Dear Mom Mom,
This is a hard email to write. I think I have to break up with my BFF. We’ve been friends since second grade, and we’re now in our early 30s. I’m starting to realize — without going into too many details — that she has values that I just don’t approve of, and I’m not talking silly things like bad taste in tv, I’m talking major MAJOR things. I just don’t know how I can be friends anymore with someone who is so self absorbed, narcissistic and morally bankrupt, and I wonder if she was always this way and I just never saw it. Now that I have kids, suddenly these character flaws are a big deal to me.
Do we need to have the Big Talk or can I just end this quietly or what? I absolutely hate confrontation. Help!
Dear Bad BFF (but good person),
Wow, so many things that I want to say, but I am trying hard to avoid dissertation mode and put you all to sleep. Also, the gossipy 7th grader in me is DYING to know the particulars of this, so feel free to email me, and I promise to keep it confidential. But really, I have enough information here to go on, and the details are not especially relevant, as you’ve made your feelings very clear.
To start with your question, no, I don’t think it is necessary to have a Big Official Talk. You may note if you’ve read some of my other advice that sometimes I do advocate being direct (my family may use the word ‘blunt’) and having difficult conversations when necessary, but in this case, I do not. I fail to see any good that can come out of such a conversation.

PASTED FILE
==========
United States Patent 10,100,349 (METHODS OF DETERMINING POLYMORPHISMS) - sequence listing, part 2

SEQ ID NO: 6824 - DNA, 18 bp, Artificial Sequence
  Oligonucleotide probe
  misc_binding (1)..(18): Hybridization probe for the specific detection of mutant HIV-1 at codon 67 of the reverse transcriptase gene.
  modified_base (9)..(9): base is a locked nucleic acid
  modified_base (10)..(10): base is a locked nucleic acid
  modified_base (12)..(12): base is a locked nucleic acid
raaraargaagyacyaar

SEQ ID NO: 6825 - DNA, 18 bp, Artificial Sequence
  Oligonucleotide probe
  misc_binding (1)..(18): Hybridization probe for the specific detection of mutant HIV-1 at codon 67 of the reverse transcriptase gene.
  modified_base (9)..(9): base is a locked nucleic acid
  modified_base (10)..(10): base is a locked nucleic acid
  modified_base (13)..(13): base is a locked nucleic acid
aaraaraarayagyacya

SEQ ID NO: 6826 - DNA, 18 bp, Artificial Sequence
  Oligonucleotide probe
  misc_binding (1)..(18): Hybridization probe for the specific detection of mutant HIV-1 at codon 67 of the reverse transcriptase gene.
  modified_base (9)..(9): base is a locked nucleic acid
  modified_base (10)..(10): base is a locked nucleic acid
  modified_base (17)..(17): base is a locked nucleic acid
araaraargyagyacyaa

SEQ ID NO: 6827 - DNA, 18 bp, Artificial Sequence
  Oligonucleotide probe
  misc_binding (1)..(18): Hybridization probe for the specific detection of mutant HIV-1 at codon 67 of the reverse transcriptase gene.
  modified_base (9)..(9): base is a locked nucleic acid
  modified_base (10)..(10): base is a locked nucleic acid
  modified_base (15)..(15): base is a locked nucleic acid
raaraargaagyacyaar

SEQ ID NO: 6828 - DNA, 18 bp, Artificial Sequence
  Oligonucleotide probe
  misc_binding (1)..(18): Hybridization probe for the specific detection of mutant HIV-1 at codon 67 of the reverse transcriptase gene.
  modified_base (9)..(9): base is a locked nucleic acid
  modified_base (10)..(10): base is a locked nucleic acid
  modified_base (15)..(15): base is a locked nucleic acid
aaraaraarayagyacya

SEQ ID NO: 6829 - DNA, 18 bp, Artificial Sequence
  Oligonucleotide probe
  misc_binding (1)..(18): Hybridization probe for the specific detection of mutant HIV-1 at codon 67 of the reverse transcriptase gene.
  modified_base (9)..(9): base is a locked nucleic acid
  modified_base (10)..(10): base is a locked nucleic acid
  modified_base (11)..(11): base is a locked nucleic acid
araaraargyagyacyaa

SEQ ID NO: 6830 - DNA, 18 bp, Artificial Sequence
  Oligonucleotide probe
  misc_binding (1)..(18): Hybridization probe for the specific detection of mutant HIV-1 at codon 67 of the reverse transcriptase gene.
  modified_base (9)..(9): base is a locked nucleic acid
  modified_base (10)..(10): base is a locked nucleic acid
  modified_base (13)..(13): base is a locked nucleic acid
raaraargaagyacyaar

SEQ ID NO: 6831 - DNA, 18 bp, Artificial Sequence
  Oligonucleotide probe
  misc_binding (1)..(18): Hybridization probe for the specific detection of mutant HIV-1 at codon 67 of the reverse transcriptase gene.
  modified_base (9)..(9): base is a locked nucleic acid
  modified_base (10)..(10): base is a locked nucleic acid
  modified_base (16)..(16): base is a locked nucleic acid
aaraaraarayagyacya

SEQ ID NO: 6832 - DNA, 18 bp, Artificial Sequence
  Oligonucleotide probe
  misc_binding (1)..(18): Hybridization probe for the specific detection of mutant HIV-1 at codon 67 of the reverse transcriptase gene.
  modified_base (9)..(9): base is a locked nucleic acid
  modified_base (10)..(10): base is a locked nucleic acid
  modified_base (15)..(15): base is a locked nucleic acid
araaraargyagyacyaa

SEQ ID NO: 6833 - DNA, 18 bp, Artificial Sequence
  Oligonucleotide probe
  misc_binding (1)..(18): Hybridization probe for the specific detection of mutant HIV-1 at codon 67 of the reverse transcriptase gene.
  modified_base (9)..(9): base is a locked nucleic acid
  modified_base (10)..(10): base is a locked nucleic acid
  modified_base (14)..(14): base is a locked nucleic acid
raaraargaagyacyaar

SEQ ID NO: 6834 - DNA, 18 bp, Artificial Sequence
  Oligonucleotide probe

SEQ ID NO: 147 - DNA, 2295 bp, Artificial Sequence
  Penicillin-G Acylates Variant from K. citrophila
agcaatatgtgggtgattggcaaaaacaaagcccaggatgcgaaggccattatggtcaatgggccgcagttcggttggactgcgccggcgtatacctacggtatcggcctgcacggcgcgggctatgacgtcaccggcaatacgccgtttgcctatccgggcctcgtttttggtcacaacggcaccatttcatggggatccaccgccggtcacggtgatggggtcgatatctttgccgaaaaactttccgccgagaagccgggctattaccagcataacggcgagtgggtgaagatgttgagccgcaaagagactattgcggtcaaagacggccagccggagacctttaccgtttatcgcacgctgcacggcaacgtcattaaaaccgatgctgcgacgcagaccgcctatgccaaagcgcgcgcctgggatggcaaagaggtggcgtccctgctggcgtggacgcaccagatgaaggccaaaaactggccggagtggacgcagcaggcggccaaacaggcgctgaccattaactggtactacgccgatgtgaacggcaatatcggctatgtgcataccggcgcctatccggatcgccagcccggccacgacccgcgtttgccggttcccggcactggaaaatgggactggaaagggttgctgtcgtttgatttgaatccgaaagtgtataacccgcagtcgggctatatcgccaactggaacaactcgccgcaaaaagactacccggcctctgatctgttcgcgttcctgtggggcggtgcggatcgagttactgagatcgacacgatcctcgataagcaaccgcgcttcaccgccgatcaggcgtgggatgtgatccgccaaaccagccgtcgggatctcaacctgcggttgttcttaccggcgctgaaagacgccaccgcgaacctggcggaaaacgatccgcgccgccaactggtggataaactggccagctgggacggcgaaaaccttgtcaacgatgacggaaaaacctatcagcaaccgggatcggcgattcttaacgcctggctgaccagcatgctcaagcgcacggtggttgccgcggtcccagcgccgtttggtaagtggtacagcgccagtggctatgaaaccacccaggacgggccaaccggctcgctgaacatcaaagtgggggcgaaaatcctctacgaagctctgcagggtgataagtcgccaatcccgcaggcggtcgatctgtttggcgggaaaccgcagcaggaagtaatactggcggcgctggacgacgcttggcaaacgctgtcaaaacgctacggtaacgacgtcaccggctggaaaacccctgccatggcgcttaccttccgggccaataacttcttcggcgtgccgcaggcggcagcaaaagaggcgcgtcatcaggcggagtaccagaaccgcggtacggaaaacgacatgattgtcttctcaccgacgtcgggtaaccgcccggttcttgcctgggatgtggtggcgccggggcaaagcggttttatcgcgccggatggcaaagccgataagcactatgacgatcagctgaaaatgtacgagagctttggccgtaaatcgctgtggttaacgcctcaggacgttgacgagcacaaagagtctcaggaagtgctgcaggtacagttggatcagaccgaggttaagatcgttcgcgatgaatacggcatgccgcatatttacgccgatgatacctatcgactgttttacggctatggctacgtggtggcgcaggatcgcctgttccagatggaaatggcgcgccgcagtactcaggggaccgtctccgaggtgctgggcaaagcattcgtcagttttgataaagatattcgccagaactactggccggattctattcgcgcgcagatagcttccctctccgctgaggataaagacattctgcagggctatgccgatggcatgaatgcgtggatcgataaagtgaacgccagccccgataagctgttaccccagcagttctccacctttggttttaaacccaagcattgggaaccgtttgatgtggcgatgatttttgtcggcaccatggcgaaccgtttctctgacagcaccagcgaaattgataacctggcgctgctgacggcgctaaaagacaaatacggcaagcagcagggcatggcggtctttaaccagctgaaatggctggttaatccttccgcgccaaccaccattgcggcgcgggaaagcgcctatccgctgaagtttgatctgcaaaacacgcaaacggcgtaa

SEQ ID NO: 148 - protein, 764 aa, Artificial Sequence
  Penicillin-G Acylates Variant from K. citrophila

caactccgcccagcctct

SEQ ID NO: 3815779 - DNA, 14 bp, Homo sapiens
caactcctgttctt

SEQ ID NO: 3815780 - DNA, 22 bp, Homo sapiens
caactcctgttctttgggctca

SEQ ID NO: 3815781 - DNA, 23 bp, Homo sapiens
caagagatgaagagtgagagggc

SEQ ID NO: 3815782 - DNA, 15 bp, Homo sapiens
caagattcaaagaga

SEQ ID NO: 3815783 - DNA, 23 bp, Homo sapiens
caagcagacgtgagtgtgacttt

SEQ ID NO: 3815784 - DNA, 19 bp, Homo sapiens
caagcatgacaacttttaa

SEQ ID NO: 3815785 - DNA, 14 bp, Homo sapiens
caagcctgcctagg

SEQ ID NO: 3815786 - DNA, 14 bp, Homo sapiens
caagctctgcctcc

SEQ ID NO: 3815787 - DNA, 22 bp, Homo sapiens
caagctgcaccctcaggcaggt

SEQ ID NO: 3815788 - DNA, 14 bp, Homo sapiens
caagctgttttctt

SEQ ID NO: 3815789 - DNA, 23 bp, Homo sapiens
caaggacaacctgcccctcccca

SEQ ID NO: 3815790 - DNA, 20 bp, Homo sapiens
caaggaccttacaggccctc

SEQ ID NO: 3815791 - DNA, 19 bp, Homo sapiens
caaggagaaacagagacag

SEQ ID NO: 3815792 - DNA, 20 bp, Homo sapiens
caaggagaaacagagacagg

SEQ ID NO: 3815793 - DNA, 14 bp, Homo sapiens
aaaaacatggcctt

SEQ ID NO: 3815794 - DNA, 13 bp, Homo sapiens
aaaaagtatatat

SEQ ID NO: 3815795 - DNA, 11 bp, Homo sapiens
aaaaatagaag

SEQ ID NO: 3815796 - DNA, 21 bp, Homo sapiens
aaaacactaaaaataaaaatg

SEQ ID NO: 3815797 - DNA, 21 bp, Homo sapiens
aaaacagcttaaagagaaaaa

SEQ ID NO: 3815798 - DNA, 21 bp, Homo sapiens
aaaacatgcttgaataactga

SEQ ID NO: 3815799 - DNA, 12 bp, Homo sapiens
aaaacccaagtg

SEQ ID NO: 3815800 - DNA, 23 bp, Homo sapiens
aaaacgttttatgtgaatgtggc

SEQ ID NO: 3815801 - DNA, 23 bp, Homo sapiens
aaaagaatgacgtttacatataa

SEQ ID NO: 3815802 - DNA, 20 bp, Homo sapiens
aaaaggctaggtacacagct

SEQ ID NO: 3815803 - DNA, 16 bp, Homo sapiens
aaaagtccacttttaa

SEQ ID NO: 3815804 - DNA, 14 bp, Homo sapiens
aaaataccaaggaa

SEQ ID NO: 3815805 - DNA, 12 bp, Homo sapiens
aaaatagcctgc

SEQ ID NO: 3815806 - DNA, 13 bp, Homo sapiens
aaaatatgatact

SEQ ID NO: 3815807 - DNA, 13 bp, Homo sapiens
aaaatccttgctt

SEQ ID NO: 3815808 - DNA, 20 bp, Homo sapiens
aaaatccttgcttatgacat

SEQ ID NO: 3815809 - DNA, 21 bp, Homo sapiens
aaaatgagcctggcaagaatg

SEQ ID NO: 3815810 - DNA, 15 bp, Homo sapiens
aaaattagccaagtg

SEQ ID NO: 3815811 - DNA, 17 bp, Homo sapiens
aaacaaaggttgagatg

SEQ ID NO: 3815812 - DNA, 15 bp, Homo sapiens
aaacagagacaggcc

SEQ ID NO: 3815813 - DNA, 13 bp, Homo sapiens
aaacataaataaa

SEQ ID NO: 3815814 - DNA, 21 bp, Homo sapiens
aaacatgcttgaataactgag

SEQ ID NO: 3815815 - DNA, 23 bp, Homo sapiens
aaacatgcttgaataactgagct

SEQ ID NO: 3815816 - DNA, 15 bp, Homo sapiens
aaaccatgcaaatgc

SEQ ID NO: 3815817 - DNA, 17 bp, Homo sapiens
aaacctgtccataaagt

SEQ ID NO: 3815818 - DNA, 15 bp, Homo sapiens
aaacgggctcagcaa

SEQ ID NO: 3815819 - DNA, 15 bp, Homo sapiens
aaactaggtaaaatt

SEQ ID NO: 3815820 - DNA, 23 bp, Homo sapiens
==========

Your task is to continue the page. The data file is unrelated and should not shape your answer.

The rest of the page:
When people show you who they are, believe them. — Dr. Phil
All that matters is that your friend is behaving in a way that you don’t respect, and that’s an indication of her character. She is not going to change. She has shown you who she is. Believe her.
Our free time is a precious commodity, and choosing to spend it with people who bring you down or raise your blood pressure is not necessary. That is definitely one of the benefits of being a grown woman. I do think we are programmed from an early age to always play nice and ignore unpleasant traits in others, but as you wrote, having children changes your perspective.
How do you achieve this? Keep the phone calls short and the dates to a minimum. Being a parent offers the handy excuse of blaming things on kids which we want to get out of! Many relationships change and evolve over time, and that includes your childhood best friend. This is a person you may choose to always have in your life in some capacity, and that’s okay. But it’s clear your are ready for this person to take a less important role, and that’s okay, too.
I think if you do continue the relationship, it’s fine to speak the truth and not feel compelled to uphold the BFF Code of Unconditional Support. Certainly don’t hesitate to say things like, “I think it’s wrong to cheat on your taxes and stupid to brag about it,” or, “Maybe you should try marriage counseling before sleeping around?”
Be who you are and say what you feel because those who mind don’t matter and those who matter don’t mind. — Dr. Seuss